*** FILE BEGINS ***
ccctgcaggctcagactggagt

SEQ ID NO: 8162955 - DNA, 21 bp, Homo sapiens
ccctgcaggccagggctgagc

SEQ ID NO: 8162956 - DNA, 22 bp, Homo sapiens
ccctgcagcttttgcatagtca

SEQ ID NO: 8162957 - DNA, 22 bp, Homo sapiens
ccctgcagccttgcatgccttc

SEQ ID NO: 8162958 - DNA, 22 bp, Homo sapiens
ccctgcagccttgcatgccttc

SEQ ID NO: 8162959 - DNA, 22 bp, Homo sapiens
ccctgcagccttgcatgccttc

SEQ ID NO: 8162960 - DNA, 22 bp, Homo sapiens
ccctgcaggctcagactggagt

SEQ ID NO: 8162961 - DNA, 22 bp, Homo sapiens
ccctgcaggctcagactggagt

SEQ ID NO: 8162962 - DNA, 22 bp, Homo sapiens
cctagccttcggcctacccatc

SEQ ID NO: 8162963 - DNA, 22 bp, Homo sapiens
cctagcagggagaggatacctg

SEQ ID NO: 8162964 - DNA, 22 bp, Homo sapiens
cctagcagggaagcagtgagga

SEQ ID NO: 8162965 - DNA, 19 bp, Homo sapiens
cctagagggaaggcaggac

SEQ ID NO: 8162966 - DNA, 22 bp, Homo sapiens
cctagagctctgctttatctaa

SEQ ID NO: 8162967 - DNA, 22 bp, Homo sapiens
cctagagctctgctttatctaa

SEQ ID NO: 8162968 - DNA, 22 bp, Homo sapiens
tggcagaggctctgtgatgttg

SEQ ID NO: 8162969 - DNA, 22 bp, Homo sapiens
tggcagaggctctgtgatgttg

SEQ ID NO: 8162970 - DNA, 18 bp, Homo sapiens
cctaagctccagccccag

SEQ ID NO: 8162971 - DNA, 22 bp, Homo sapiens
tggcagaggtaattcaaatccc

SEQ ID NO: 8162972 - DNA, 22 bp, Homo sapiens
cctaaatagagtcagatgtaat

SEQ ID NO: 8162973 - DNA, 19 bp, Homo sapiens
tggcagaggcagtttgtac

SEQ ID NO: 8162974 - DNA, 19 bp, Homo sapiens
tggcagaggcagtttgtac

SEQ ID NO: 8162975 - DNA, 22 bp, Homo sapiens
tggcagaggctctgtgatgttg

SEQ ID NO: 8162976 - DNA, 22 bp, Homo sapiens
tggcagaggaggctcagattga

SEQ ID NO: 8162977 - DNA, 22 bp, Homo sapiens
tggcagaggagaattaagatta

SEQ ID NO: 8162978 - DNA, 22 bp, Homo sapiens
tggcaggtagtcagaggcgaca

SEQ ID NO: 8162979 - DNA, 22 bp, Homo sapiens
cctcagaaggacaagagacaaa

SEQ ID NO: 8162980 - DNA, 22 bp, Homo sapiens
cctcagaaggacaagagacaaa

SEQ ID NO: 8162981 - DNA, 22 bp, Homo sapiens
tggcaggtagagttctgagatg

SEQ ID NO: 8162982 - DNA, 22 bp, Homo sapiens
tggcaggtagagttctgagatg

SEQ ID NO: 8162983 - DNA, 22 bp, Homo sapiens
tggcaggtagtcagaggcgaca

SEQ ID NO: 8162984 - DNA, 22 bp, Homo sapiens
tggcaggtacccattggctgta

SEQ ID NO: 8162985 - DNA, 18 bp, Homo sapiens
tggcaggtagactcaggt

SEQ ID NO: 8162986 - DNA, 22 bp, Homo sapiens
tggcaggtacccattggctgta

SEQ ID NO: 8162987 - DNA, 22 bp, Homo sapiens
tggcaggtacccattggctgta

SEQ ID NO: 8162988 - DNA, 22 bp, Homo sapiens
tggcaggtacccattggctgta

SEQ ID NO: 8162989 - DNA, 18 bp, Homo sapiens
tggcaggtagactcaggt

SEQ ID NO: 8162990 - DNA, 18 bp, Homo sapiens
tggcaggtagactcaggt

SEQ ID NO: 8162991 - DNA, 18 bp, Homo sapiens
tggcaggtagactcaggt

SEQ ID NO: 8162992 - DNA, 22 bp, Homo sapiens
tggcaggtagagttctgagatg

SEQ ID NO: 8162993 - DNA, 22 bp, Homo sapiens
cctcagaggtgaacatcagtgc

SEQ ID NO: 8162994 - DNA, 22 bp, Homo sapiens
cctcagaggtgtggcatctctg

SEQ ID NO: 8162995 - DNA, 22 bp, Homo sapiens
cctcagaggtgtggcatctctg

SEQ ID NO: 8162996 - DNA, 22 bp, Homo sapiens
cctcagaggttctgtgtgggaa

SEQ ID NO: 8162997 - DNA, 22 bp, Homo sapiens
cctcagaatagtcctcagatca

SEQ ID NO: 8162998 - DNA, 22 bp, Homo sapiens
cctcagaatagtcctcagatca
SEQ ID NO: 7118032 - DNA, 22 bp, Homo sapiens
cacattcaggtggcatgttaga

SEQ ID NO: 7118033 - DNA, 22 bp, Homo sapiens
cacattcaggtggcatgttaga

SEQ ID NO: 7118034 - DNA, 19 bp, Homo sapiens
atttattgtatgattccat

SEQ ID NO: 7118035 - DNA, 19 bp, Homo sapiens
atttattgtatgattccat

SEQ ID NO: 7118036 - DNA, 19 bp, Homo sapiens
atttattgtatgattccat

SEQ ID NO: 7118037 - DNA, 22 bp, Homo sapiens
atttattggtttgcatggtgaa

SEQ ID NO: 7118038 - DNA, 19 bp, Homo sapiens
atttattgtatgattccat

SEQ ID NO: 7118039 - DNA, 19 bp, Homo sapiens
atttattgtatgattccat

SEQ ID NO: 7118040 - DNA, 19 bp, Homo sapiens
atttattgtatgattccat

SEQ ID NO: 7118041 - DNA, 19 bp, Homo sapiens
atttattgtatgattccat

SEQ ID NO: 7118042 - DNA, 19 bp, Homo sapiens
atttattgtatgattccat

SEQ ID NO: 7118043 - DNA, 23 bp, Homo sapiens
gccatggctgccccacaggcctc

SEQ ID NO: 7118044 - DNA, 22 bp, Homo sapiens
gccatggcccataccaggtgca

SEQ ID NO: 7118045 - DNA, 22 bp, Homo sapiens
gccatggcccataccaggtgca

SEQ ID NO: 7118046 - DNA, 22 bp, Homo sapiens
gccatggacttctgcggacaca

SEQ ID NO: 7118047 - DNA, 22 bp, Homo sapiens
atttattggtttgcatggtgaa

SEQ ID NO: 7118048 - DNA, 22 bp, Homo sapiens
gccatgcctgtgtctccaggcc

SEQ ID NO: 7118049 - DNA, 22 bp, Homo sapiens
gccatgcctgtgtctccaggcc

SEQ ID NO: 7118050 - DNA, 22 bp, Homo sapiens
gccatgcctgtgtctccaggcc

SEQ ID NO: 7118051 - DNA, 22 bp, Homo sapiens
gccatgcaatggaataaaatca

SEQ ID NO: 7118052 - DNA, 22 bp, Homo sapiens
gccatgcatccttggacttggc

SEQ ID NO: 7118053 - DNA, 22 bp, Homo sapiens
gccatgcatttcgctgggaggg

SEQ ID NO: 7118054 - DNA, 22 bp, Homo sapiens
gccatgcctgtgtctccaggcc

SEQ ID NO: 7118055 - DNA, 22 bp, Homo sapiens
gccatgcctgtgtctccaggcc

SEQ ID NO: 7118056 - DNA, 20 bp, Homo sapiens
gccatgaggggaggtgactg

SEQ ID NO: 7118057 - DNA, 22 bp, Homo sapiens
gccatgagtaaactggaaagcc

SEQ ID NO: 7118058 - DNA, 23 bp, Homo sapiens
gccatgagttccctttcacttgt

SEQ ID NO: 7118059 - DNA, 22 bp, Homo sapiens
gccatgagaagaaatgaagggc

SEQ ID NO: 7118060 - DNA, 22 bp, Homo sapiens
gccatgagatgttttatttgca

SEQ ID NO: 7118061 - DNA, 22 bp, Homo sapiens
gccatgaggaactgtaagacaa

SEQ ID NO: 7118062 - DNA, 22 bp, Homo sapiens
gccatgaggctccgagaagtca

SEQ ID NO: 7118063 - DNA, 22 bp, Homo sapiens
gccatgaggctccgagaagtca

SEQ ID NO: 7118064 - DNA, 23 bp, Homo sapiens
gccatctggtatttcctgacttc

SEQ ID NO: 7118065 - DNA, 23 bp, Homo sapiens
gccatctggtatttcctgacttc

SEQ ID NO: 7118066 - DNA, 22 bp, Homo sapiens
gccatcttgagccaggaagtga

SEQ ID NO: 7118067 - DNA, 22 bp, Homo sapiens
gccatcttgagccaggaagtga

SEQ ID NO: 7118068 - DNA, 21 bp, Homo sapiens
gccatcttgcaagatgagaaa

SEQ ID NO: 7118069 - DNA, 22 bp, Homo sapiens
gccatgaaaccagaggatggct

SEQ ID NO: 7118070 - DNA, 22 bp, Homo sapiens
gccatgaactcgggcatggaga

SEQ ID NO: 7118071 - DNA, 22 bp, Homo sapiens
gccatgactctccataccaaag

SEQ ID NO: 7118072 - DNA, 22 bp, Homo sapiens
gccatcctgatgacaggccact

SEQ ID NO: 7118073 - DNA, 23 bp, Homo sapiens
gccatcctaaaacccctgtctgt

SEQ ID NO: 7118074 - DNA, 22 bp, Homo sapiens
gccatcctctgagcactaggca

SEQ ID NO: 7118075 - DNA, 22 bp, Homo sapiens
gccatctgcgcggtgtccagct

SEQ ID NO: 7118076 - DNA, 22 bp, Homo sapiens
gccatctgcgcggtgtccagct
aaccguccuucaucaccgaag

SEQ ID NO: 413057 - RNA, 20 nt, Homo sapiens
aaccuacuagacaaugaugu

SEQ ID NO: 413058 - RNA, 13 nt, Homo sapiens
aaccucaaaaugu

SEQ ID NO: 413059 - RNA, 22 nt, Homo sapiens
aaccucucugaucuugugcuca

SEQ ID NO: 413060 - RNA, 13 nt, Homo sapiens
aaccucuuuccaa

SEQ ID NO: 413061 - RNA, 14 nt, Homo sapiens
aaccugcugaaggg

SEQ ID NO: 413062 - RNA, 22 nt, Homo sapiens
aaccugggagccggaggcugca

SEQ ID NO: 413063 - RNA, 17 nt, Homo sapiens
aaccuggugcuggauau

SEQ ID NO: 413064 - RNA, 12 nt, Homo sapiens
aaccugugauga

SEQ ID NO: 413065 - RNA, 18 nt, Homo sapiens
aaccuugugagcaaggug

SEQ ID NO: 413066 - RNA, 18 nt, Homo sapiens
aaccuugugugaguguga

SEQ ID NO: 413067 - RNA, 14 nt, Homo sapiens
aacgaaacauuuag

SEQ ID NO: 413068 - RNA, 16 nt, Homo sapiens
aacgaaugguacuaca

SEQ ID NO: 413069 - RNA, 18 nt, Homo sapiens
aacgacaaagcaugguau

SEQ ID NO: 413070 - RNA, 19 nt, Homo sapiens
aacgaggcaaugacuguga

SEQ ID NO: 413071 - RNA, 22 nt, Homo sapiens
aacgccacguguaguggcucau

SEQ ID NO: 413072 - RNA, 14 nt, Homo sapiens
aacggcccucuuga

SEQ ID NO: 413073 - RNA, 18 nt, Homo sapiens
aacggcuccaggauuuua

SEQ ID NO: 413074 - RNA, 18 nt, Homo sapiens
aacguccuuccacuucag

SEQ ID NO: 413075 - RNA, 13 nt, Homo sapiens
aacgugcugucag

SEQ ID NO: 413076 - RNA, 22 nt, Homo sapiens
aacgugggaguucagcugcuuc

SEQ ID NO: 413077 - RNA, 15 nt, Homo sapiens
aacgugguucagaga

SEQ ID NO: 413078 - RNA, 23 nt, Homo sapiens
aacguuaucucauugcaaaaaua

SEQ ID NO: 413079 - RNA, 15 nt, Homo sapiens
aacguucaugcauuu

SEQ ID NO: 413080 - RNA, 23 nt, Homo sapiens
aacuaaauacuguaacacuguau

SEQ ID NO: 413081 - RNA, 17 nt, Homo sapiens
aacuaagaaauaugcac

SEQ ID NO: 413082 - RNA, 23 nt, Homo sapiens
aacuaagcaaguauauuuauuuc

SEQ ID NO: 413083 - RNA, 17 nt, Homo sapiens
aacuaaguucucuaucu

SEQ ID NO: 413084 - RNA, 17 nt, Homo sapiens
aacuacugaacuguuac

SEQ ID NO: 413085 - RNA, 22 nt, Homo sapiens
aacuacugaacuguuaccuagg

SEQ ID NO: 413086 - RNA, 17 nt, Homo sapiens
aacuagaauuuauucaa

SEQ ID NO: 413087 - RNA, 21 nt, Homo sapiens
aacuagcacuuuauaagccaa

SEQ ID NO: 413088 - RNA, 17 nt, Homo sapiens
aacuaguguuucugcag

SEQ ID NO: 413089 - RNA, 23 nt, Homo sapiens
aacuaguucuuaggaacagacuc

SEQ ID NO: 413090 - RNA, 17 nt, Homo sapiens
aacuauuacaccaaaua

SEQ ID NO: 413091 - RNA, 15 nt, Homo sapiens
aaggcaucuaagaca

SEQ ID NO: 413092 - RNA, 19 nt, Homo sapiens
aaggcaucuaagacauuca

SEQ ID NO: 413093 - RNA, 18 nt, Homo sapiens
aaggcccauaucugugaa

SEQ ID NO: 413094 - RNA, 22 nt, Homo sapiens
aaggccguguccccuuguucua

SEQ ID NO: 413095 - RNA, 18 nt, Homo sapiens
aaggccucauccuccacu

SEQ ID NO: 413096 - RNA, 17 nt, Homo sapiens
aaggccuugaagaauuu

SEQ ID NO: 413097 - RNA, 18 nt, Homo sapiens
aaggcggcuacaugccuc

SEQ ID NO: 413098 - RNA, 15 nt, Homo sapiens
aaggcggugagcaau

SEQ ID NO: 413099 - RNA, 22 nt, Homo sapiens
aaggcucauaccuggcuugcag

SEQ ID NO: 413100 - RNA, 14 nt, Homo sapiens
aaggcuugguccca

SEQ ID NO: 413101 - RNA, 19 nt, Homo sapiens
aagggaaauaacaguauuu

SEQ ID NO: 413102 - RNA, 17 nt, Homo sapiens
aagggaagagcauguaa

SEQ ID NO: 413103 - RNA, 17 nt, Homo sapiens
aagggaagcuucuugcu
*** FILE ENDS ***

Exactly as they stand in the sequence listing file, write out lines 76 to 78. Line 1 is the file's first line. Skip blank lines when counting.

SEQ ID NO: 8162992 - DNA, 22 bp, Homo sapiens
tggcaggtagagttctgagatg

SEQ ID NO: 8162993 - DNA, 22 bp, Homo sapiens